— Hat tip: Insubria[Return to headlines]

Wife and Three Children of Qaddafi Have Fled to Algeria, Government Says

The wife and three children of Col. Muammar el-Qaddafi fled to Algeria on Monday, the Algerian Foreign Ministry said. It was the first official news on the whereabouts of any members of the Qaddafi family since he was routed from his Tripoli fortress by rebel forces a week ago, a decisive turn in the Libyan conflict.

In a brief announcement carried by Algeria’s official news agency APS, the ministry said Colonel Qaddafi’s wife, Safiya, daughter Aisha, and sons Hannibal and Mohammed, accompanied by their children, “entered Algeria at 08:45 a.m. (0745 GMT) through the Algeria-Libyan border.”

The announcement gave no further details. The whereabouts of Colonel Qaddafi himself remain unknown, along with those of his other sons, most notably Seif al-Islam, his second-in-command; Khamis, head of an elite paramilitary brigade; or Muatassim, a militia commander and Colonel Qaddafi’s national security adviser.

[Return to headlines]

Israel and the Palestinians

NGO Monitor Slams Belgium Funds for ‘Anti-Israel’ Group

The Jerusalem-based watchdog organization NGO Monitor has issued a report alleging that Belgium taxpayer funds are being used to finance ‘anti- Israel’ NGOs, including lawsuits against Israeli officials.

According to the newly released NGO Monitor report on Belgium, the Federal Public Service, an intermediary governmental agency in Belgium, provided payments in 2010 to “political advocacy NGOs that claim a human rights mandate, such as Yesh Din, Public Committee against Torture in Israel (PCATI), and Combatants for Peace (CFP).”

“The transfer of over 800,000 euros in the past three years from Belgian taxpayers to opposition groups, under the façade of promoting peace and human rights, adds to the resentment of many Israelis, including Knesset members.

Many criticize this as manipulative and anti-democratic,” Prof. Gerald Steinberg, the president of NGO Monitor, told the Jerusalem Post.

NGO Monitor charged that Yesh Din — Volunteers for Human Rights used funds to initiate litigation against Israeli officials because of alleged human rights abuses.

The use of foreign money to influence Israel’s political and judicial systems has been the source of a heated debate in the Knesset, including bills designed to promote transparency among foreign funding of NGOs in Israel.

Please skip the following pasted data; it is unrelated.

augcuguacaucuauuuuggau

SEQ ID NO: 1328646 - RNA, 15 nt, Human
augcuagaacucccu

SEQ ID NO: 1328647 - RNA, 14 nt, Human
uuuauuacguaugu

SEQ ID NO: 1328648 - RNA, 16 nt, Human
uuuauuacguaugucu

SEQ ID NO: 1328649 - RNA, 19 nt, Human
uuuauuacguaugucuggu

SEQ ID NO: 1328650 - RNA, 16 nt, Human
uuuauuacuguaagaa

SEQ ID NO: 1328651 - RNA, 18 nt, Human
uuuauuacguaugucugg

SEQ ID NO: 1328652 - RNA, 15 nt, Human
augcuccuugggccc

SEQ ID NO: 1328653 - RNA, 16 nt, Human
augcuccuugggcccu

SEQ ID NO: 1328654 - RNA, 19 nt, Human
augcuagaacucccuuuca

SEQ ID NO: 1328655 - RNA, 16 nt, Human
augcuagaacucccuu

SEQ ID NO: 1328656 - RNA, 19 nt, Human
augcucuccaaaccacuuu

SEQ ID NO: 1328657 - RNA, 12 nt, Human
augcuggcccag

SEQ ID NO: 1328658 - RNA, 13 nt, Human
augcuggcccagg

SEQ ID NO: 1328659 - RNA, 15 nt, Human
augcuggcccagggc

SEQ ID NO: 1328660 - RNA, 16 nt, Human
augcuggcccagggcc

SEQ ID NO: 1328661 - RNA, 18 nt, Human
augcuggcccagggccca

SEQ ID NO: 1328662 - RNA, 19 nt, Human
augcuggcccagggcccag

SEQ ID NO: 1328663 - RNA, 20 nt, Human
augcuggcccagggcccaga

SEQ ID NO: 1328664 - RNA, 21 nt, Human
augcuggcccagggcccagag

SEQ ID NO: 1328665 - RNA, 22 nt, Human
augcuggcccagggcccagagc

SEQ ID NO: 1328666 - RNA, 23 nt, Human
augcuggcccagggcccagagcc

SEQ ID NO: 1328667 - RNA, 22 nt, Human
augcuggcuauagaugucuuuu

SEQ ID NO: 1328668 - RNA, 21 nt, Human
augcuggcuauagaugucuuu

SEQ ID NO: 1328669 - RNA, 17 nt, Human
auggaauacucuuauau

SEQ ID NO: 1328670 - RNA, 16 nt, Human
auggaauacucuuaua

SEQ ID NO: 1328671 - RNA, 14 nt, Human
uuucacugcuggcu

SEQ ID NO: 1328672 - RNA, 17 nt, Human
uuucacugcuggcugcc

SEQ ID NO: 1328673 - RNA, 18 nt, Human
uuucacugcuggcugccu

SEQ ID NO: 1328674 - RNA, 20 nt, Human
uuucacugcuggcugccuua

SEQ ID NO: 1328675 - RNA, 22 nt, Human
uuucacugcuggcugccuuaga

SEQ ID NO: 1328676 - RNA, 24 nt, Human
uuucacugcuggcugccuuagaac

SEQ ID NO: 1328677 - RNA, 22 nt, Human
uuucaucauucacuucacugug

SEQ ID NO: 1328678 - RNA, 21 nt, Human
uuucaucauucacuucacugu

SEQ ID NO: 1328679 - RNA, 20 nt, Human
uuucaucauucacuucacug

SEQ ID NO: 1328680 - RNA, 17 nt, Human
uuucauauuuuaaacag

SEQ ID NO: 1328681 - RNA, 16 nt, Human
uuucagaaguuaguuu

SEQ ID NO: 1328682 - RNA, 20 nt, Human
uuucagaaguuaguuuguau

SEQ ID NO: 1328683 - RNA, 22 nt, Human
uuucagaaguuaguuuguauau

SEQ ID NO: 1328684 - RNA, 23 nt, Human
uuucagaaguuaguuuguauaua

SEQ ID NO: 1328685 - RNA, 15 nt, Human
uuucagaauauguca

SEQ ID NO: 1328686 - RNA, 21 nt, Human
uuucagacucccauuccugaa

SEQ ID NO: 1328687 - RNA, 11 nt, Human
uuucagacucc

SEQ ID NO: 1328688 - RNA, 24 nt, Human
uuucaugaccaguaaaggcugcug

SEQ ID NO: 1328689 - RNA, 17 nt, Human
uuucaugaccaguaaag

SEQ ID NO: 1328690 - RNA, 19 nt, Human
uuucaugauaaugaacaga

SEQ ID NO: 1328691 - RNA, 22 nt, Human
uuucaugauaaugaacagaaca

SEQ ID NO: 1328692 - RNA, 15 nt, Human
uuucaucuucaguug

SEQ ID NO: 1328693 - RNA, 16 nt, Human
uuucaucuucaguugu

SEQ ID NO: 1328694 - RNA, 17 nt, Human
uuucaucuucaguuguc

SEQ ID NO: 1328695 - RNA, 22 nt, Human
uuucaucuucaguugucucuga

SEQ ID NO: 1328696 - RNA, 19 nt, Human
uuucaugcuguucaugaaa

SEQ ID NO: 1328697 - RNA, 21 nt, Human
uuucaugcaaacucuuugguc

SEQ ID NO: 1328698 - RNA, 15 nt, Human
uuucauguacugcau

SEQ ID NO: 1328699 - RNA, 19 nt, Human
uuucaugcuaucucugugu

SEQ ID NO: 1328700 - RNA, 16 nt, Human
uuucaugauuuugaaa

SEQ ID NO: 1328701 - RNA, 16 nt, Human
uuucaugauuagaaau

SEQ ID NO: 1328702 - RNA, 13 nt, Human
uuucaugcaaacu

Asked about Belgium’s role in financing Israeli NGOs, Michel Malherbe, a spokesman for the Belgium Foreign Ministry, told the Post, “Belgium does not fund NGOs. We fund specific activities and examine the track record of the execution organization on a number of criteria. Respect for human rights is a major one.

“The project executed by Yesh Din does not include legal action against Israeli officials. It does include filing petitions based on the Israeli Freedom of Information Act.”

According to Yesh Din’s website, the NGO “is an Israeli human rights organization working to achieve long-term structural improvement in the human rights situation in the Occupied Palestinian Territories.

We are an independent nongovernmental organization, supported by donations from individuals and institutional donors.”

In an e-mail to the Post on Saturday, Hila Aloni, a representative from Yesh Din, denied that the organization files law suits against Israeli officials.

“As a human rights organization, Yesh Din promotes accountability by the Israeli government, and demands it to do its job of proper law enforcement in the occupied territories, according to both Israeli and international law.

We do not file suits against Israeli officials, but assist Palestinians to petition the Israeli justice system to challenge allegedly illegal or unjust actions taken by Israeli authorities. All of our financial information is completely public and transparent, unlike pro-occupation organizations that do not reveal their funding sources,” Aloni wrote.

For Yesh Din, “A sum of 80,000 EUR has been approved by the Belgians this year, although the money hasn’t been received yet,” she added.

According to the Belgium Foreign Ministry spokesman, the Federal Public Service in 2009-2010 provided about 850,000 euros to Israeli and Palestinian NGOs, “of which 600,000 was in occupied Palestinian territory (450,000 medical work).”

He added that the following year, the FPS gave about 450,000 euros in public monies for activities in the Palestinian Territories and Israel.

Steinberg told the Post that “Foreign Minister [Steven] Vanackere’s support for the Israeli NGO transparency law is important, as is the publication of information on Belgium government funding for political advocacy NGOs in Israel.